Cleaner engines are next for Kawasaki, Yamaha

To combat climate change, more nations have started to make drastic changes in their respective policies governing fossil fuel-burning engines. In India, for example, they want no 150cc-and-below motorcycles in showrooms come 2025 but only electric motorcycles.

In Indonesia, a total ban on new internal combustion engine (ICE) motorcycles will be in effect by 2050. Similar policies will also be in effect in some European nations, as well as some states in the US.

In Japan, two giant motorcycle manufacturers are thinking out of the box and want to team up to explore other carbon-neutral options to keep ICEs in operation for a longer time, and into the future.

In a recent conference, Kawasaki Heavy Industries, Ltd. (Kawasaki Heavy Industries), Subaru Corporation (Subaru), Toyota Motor Corporation (Toyota), Mazda Motor Corporation (Mazda), and Yamaha Motor Co., Ltd. (Yamaha Motor) jointly announced that toward the achievement of carbon neutrality, they will take on the challenge of expanding fuel options through the use of internal combustion engines.

Specifically, to further expand options for producing, transporting, and using fuel, the five companies intend to unite and pursue the three initiatives of 1) participating in races using carbon-neutral fuels, 2) exploring the use of hydrogen engines in two-wheeled and other vehicles, and 3) continuing to race using hydrogen engines. Toward achieving carbon neutrality, and in addition to advancing initiatives for electrification, by promoting further collaboration in producing, transporting, and using fuel in combination with internal combustion engines, the five companies aim to provide customers with greater choice.

Kawasaki and Yamaha teaming up to create eco-friendly motorcycles engines image

Since 2010, Kawasaki has been focusing on hydrogen as a next-generation energy source and has been developing technologies for producing, transporting, and using hydrogen throughout the entire supply chain needed to support society. The company is currently conducting verification tests for transporting large-quantity, low-cost hydrogen to Japan produced from Australian lignite. By the end of the fiscal year 2021, it plans to transport hydrogen using its in-house-constructed, first-in-the-world purpose-built liquefied hydrogen carrier, the Suiso Frontier. Also, based on hydrogen combustion technologies cultivated through the creation of the world's first successful urban-area, 100 percent hydrogen-fueled gas turbine power generation technology for which it completed development in 2018, Kawasaki Heavy Industries is developing hydrogen-fueled engines for land, sea, and air mobility applications, such as for aircraft, ships, and two-wheeled vehicles.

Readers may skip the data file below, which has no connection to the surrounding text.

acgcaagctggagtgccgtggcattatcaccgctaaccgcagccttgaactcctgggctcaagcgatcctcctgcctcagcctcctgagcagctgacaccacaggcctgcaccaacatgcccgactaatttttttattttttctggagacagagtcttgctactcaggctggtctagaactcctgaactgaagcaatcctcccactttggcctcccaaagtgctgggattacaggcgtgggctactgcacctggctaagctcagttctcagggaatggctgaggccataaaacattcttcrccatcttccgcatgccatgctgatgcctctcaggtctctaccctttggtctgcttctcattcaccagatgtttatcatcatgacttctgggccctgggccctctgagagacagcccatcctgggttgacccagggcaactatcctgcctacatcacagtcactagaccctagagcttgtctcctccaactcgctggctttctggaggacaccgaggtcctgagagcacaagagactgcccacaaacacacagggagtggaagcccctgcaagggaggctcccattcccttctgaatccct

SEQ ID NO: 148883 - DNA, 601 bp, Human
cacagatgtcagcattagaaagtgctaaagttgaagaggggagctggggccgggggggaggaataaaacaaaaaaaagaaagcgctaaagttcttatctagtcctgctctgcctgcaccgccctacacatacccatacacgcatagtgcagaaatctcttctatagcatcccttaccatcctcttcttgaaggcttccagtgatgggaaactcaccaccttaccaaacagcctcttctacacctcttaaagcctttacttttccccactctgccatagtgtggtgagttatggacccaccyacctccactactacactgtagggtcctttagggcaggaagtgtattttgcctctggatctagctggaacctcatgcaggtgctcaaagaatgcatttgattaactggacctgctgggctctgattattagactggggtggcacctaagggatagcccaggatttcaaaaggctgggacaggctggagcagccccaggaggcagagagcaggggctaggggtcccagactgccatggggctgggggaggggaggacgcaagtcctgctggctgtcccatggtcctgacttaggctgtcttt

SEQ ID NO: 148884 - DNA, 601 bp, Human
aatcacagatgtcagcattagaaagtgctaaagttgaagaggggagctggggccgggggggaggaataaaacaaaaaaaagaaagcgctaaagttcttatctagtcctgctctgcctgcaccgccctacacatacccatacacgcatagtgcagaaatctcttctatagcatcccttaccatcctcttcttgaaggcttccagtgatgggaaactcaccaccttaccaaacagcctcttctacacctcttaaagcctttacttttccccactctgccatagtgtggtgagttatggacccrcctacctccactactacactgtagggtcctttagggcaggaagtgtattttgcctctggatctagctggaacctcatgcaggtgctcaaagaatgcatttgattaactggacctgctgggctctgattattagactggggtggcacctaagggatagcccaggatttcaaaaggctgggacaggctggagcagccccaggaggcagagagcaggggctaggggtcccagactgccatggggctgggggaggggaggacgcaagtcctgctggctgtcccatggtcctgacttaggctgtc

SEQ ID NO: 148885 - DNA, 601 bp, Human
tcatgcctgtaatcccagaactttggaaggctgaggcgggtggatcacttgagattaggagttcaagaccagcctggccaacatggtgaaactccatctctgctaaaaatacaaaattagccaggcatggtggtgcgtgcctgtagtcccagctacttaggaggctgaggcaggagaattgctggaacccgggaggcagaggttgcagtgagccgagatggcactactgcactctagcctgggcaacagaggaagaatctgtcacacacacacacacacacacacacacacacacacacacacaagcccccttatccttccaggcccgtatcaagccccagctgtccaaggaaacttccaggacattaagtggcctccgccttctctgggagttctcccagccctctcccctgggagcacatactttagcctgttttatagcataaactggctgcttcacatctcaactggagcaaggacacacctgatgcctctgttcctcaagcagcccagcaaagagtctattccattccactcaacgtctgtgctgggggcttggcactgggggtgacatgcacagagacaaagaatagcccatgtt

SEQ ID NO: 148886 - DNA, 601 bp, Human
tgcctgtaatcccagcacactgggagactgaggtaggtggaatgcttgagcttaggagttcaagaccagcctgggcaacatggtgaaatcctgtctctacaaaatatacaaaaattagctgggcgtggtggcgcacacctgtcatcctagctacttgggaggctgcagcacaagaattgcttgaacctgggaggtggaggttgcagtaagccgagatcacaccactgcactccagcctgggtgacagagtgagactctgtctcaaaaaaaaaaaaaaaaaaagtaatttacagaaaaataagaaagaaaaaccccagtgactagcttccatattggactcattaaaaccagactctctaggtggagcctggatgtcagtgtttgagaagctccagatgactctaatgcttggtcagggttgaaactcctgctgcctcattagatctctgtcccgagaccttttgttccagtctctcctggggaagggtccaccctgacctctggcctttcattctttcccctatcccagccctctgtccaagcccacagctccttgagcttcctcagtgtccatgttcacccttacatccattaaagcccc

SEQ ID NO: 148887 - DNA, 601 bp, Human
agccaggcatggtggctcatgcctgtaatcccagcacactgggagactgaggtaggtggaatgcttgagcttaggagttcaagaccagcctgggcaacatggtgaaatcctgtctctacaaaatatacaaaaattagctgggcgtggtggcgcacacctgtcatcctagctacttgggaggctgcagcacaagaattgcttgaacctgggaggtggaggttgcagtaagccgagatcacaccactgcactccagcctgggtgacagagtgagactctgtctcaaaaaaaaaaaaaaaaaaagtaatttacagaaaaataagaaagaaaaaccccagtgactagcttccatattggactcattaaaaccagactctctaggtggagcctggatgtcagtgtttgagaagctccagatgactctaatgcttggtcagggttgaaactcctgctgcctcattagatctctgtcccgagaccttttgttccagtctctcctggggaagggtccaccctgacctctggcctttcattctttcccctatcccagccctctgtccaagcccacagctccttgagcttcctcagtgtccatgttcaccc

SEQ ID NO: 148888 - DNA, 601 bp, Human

Yamaha Motor, on the other hand, is developing hydrogen engine technology for possible use in its two-wheeled vehicles, ROV (four-wheeled recreational off-highway vehicle) series, and other products. To accelerate this technology development, it is preparing to introduce new equipment and is strengthening its in-house development structure.

Kawasaki and Yamaha have started considerations toward the joint development of a hydrogen engine for possible use in two-wheeled vehicles. Going forward, they are planned to be joined by Honda Motor Co., Ltd. and Suzuki Motor Corporation, and the four companies intend to jointly explore the possibility of achieving carbon neutrality through the use of internal combustion engines in two-wheeled vehicles. To maintain a distinct line between cooperation and competition, they intend to proceed after establishing a framework that will clearly define areas of cooperation and collaborative research.